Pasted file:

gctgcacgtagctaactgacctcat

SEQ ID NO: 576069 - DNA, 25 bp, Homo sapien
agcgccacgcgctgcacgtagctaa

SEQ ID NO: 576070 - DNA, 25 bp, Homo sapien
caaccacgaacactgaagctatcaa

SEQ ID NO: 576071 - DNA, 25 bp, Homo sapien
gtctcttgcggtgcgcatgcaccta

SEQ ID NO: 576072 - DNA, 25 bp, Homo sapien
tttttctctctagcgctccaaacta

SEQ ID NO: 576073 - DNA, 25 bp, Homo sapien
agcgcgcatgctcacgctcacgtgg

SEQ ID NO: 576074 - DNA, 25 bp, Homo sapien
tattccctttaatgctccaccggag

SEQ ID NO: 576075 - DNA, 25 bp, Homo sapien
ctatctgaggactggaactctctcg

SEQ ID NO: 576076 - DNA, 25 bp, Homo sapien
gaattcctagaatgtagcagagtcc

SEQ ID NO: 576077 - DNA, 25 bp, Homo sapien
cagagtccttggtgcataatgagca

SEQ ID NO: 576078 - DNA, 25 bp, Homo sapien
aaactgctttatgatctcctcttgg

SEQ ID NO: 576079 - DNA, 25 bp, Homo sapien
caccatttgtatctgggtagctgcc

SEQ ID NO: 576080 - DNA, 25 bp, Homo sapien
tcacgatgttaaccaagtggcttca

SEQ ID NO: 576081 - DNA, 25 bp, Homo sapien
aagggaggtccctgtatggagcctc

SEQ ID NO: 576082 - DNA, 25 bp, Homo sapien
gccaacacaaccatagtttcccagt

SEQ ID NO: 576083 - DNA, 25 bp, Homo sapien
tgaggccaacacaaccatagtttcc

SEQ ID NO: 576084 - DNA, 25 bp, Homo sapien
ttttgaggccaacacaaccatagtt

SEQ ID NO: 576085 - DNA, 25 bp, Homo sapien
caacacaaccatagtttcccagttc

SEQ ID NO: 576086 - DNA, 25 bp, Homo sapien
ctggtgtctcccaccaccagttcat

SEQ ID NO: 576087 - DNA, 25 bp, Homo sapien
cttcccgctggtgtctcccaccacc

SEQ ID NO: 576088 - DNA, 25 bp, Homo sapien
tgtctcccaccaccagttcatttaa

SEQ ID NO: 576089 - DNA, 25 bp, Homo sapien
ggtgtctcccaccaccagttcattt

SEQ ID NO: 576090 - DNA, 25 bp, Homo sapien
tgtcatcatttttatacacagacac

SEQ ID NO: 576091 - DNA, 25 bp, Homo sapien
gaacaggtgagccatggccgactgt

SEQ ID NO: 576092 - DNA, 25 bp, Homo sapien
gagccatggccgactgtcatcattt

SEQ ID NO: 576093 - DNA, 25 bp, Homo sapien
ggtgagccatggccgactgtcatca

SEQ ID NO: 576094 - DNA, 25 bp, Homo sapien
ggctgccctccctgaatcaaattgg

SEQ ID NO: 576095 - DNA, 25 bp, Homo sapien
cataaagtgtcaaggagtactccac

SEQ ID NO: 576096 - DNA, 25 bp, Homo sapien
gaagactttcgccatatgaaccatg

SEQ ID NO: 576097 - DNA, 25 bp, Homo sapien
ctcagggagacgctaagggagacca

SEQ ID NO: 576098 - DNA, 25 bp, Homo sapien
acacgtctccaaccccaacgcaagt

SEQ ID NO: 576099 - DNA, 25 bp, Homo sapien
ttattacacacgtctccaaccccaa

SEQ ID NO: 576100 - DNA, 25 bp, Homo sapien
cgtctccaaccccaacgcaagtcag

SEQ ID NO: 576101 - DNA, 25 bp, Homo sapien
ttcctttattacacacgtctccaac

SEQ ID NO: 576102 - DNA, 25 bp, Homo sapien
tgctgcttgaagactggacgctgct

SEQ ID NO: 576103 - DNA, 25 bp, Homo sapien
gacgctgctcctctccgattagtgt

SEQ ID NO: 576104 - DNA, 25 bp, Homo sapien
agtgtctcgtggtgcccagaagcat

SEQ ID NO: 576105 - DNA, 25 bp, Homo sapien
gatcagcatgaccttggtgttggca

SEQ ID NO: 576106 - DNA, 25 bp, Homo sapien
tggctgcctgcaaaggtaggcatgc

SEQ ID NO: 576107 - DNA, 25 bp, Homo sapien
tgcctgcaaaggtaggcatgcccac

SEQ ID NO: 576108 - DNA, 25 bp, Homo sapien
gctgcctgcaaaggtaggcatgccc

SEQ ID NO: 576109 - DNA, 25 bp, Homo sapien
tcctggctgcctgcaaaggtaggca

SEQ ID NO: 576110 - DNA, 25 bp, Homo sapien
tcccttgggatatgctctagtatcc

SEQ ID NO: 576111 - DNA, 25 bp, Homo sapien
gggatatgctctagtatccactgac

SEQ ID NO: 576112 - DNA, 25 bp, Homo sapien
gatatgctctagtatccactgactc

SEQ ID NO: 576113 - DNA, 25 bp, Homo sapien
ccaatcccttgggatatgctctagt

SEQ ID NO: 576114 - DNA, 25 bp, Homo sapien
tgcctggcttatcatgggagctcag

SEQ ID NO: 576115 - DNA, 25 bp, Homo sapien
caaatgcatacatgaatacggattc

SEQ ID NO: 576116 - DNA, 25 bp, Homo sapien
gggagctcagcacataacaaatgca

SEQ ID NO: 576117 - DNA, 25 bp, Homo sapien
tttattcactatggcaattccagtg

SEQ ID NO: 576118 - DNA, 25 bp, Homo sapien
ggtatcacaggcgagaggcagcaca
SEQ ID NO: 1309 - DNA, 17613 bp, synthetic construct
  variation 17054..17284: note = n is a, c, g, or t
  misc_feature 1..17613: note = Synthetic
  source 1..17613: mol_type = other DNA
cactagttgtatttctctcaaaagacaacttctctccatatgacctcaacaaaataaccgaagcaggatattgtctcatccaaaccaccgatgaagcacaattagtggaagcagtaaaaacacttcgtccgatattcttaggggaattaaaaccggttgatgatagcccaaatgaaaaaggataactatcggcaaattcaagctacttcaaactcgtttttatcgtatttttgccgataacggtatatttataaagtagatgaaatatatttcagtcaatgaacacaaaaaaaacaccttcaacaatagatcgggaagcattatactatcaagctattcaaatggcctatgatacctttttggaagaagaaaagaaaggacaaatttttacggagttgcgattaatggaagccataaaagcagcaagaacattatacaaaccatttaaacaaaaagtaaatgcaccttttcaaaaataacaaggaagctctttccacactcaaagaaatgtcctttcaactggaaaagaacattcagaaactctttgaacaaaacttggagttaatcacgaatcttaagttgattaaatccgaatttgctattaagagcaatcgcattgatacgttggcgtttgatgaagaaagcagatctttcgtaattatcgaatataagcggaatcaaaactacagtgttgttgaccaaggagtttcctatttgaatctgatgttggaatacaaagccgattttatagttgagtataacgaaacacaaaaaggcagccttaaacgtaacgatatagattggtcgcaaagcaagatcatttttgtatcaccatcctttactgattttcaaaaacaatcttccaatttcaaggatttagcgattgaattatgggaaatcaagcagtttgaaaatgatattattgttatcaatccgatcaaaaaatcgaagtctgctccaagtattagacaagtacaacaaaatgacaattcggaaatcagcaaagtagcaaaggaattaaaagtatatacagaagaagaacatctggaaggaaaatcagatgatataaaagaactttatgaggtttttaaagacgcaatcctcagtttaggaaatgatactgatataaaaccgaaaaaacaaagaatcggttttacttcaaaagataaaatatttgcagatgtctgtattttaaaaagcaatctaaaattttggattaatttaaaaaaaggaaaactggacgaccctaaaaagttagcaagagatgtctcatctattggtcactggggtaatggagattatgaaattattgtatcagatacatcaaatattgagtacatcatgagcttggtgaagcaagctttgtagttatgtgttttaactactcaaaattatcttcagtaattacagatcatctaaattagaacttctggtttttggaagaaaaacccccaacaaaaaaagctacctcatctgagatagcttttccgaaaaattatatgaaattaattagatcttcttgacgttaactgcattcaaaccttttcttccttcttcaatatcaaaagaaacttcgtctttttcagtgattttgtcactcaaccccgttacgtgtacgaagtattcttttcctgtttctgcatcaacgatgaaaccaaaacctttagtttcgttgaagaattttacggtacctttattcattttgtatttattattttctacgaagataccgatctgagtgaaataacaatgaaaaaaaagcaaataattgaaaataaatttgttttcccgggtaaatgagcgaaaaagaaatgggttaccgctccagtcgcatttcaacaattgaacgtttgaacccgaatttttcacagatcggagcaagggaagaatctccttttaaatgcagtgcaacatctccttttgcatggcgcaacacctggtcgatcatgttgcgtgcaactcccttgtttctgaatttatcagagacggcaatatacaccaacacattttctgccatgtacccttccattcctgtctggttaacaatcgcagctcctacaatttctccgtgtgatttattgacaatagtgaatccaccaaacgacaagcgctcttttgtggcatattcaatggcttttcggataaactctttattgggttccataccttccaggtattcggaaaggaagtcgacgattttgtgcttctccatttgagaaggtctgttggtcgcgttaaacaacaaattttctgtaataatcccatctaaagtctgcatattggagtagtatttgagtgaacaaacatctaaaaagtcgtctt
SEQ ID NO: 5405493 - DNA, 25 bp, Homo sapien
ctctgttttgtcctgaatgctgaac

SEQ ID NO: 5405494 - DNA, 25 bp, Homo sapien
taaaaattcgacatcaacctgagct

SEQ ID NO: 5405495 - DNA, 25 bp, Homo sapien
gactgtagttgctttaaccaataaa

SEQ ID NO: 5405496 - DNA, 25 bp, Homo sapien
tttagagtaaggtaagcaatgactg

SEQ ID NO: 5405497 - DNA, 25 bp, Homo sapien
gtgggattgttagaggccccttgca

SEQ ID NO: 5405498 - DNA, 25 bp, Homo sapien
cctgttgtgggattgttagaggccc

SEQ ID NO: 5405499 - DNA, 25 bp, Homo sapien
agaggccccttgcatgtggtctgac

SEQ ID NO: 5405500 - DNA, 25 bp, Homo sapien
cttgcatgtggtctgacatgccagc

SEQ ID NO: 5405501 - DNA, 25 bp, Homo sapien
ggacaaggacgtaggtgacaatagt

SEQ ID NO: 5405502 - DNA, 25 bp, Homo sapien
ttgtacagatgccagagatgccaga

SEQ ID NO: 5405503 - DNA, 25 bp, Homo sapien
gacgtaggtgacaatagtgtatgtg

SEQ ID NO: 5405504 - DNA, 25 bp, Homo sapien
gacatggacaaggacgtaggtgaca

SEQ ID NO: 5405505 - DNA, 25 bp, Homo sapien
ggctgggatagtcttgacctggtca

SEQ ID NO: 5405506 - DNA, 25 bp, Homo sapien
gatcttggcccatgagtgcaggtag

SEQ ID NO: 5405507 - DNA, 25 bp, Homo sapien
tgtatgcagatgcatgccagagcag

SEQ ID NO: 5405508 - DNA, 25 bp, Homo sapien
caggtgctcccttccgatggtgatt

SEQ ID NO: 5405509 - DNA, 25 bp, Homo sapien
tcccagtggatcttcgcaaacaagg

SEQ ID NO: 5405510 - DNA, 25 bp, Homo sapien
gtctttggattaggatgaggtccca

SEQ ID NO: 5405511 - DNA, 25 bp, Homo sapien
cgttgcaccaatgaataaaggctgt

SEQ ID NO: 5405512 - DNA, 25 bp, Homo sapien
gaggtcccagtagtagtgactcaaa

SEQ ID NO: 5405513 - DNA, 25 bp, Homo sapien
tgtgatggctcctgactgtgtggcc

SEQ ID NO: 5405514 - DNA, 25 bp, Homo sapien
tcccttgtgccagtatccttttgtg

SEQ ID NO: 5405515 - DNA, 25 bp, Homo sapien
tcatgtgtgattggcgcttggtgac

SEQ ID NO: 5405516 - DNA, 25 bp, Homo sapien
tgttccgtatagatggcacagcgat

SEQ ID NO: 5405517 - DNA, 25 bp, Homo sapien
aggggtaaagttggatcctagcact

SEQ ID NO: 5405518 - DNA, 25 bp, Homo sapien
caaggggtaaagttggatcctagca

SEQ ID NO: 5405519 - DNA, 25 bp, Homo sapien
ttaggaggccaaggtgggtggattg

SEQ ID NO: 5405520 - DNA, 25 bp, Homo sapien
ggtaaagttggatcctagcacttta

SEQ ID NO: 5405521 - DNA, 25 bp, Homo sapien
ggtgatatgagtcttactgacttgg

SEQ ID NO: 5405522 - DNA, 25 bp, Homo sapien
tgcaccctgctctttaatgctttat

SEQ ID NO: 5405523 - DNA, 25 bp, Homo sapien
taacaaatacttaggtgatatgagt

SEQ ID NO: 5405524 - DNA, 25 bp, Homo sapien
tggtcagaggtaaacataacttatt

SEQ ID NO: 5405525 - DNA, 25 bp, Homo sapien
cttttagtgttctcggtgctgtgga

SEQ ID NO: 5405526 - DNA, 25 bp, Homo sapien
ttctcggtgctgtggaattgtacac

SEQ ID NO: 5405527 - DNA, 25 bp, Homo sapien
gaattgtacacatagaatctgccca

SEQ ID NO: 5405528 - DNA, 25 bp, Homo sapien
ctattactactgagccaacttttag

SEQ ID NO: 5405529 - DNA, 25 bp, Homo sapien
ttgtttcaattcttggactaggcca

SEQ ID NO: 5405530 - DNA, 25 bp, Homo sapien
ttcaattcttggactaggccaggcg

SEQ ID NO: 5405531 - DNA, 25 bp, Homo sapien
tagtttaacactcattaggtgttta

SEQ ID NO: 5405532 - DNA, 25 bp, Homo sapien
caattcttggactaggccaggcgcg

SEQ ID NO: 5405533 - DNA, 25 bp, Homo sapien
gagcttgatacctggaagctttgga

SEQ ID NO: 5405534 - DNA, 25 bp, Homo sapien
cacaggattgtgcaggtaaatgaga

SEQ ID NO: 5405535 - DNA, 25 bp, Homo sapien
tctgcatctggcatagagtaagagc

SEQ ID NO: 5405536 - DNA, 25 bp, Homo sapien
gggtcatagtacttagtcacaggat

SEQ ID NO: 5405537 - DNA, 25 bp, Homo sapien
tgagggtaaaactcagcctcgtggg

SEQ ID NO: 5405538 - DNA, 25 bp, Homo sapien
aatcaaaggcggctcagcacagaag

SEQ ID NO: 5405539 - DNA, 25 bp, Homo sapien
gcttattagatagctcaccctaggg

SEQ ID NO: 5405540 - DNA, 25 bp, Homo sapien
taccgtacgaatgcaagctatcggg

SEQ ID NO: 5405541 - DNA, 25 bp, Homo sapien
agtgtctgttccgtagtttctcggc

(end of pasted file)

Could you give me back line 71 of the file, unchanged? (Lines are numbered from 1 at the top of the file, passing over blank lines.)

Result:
gacgctgctcctctccgattagtgt